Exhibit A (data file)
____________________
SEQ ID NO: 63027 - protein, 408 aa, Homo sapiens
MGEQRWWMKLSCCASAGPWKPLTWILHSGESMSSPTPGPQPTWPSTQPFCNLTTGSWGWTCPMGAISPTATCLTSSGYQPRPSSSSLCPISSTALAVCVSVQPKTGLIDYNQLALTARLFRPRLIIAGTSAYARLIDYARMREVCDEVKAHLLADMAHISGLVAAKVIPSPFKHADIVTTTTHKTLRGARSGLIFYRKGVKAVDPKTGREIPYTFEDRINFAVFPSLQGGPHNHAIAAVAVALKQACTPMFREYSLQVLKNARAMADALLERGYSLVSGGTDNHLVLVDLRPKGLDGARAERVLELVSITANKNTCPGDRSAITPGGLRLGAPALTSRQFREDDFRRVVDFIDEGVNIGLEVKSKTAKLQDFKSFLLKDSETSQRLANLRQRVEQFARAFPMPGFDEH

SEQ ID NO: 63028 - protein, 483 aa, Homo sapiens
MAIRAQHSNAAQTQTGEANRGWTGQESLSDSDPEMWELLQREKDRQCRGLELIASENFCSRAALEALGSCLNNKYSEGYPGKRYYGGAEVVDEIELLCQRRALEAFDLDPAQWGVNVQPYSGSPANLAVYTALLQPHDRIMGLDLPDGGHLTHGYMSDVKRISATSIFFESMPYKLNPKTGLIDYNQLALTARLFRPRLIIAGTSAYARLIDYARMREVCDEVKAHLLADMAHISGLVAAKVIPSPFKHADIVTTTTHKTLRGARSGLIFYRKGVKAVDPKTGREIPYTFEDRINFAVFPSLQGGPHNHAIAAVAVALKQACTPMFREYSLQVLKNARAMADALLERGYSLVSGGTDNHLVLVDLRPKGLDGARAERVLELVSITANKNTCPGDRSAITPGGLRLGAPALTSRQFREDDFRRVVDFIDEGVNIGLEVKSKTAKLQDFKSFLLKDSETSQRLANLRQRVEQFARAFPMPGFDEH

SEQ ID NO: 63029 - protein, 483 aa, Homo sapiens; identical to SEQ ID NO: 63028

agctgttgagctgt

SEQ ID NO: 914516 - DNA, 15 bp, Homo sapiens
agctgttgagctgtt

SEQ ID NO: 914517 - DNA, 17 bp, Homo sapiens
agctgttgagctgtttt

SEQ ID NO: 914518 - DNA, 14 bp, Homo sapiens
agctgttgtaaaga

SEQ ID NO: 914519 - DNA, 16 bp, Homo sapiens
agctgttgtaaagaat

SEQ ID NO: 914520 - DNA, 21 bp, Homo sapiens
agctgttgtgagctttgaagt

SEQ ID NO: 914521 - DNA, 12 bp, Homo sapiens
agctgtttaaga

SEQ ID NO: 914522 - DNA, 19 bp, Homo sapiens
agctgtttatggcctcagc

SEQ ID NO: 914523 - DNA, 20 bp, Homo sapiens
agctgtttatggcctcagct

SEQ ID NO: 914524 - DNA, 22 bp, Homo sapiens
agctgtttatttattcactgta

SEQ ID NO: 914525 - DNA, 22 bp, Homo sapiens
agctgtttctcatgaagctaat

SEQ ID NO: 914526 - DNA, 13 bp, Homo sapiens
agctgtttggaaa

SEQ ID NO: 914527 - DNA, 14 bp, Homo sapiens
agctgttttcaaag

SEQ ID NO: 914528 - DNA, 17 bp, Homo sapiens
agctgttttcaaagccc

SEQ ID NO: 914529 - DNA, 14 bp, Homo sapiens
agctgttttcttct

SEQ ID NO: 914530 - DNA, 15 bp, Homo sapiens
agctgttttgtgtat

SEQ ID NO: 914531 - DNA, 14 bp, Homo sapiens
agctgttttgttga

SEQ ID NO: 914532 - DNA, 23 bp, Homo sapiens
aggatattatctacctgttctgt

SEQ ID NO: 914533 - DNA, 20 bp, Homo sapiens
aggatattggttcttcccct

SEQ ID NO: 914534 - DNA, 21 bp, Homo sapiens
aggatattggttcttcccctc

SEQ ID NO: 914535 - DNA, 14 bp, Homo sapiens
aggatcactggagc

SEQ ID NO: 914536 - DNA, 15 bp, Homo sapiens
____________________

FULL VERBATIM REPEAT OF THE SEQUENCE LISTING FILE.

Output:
SEQ ID NO: 63027 - protein, 408 aa, Homo sapiens
MGEQRWWMKLSCCASAGPWKPLTWILHSGESMSSPTPGPQPTWPSTQPFCNLTTGSWGWTCPMGAISPTATCLTSSGYQPRPSSSSLCPISSTALAVCVSVQPKTGLIDYNQLALTARLFRPRLIIAGTSAYARLIDYARMREVCDEVKAHLLADMAHISGLVAAKVIPSPFKHADIVTTTTHKTLRGARSGLIFYRKGVKAVDPKTGREIPYTFEDRINFAVFPSLQGGPHNHAIAAVAVALKQACTPMFREYSLQVLKNARAMADALLERGYSLVSGGTDNHLVLVDLRPKGLDGARAERVLELVSITANKNTCPGDRSAITPGGLRLGAPALTSRQFREDDFRRVVDFIDEGVNIGLEVKSKTAKLQDFKSFLLKDSETSQRLANLRQRVEQFARAFPMPGFDEH

SEQ ID NO: 63028 - protein, 483 aa, Homo sapiens
MAIRAQHSNAAQTQTGEANRGWTGQESLSDSDPEMWELLQREKDRQCRGLELIASENFCSRAALEALGSCLNNKYSEGYPGKRYYGGAEVVDEIELLCQRRALEAFDLDPAQWGVNVQPYSGSPANLAVYTALLQPHDRIMGLDLPDGGHLTHGYMSDVKRISATSIFFESMPYKLNPKTGLIDYNQLALTARLFRPRLIIAGTSAYARLIDYARMREVCDEVKAHLLADMAHISGLVAAKVIPSPFKHADIVTTTTHKTLRGARSGLIFYRKGVKAVDPKTGREIPYTFEDRINFAVFPSLQGGPHNHAIAAVAVALKQACTPMFREYSLQVLKNARAMADALLERGYSLVSGGTDNHLVLVDLRPKGLDGARAERVLELVSITANKNTCPGDRSAITPGGLRLGAPALTSRQFREDDFRRVVDFIDEGVNIGLEVKSKTAKLQDFKSFLLKDSETSQRLANLRQRVEQFARAFPMPGFDEH

SEQ ID NO: 63029 - protein, 483 aa, Homo sapiens; identical to SEQ ID NO: 63028

agctgttgagctgt

SEQ ID NO: 914516 - DNA, 15 bp, Homo sapiens
agctgttgagctgtt

SEQ ID NO: 914517 - DNA, 17 bp, Homo sapiens
agctgttgagctgtttt

SEQ ID NO: 914518 - DNA, 14 bp, Homo sapiens
agctgttgtaaaga

SEQ ID NO: 914519 - DNA, 16 bp, Homo sapiens
agctgttgtaaagaat

SEQ ID NO: 914520 - DNA, 21 bp, Homo sapiens
agctgttgtgagctttgaagt

SEQ ID NO: 914521 - DNA, 12 bp, Homo sapiens
agctgtttaaga

SEQ ID NO: 914522 - DNA, 19 bp, Homo sapiens
agctgtttatggcctcagc

SEQ ID NO: 914523 - DNA, 20 bp, Homo sapiens
agctgtttatggcctcagct

SEQ ID NO: 914524 - DNA, 22 bp, Homo sapiens
agctgtttatttattcactgta

SEQ ID NO: 914525 - DNA, 22 bp, Homo sapiens
agctgtttctcatgaagctaat

SEQ ID NO: 914526 - DNA, 13 bp, Homo sapiens
agctgtttggaaa

SEQ ID NO: 914527 - DNA, 14 bp, Homo sapiens
agctgttttcaaag

SEQ ID NO: 914528 - DNA, 17 bp, Homo sapiens
agctgttttcaaagccc

SEQ ID NO: 914529 - DNA, 14 bp, Homo sapiens
agctgttttcttct

SEQ ID NO: 914530 - DNA, 15 bp, Homo sapiens
agctgttttgtgtat

SEQ ID NO: 914531 - DNA, 14 bp, Homo sapiens
agctgttttgttga

SEQ ID NO: 914532 - DNA, 23 bp, Homo sapiens
aggatattatctacctgttctgt

SEQ ID NO: 914533 - DNA, 20 bp, Homo sapiens
aggatattggttcttcccct

SEQ ID NO: 914534 - DNA, 21 bp, Homo sapiens
aggatattggttcttcccctc

SEQ ID NO: 914535 - DNA, 14 bp, Homo sapiens
aggatcactggagc

SEQ ID NO: 914536 - DNA, 15 bp, Homo sapiens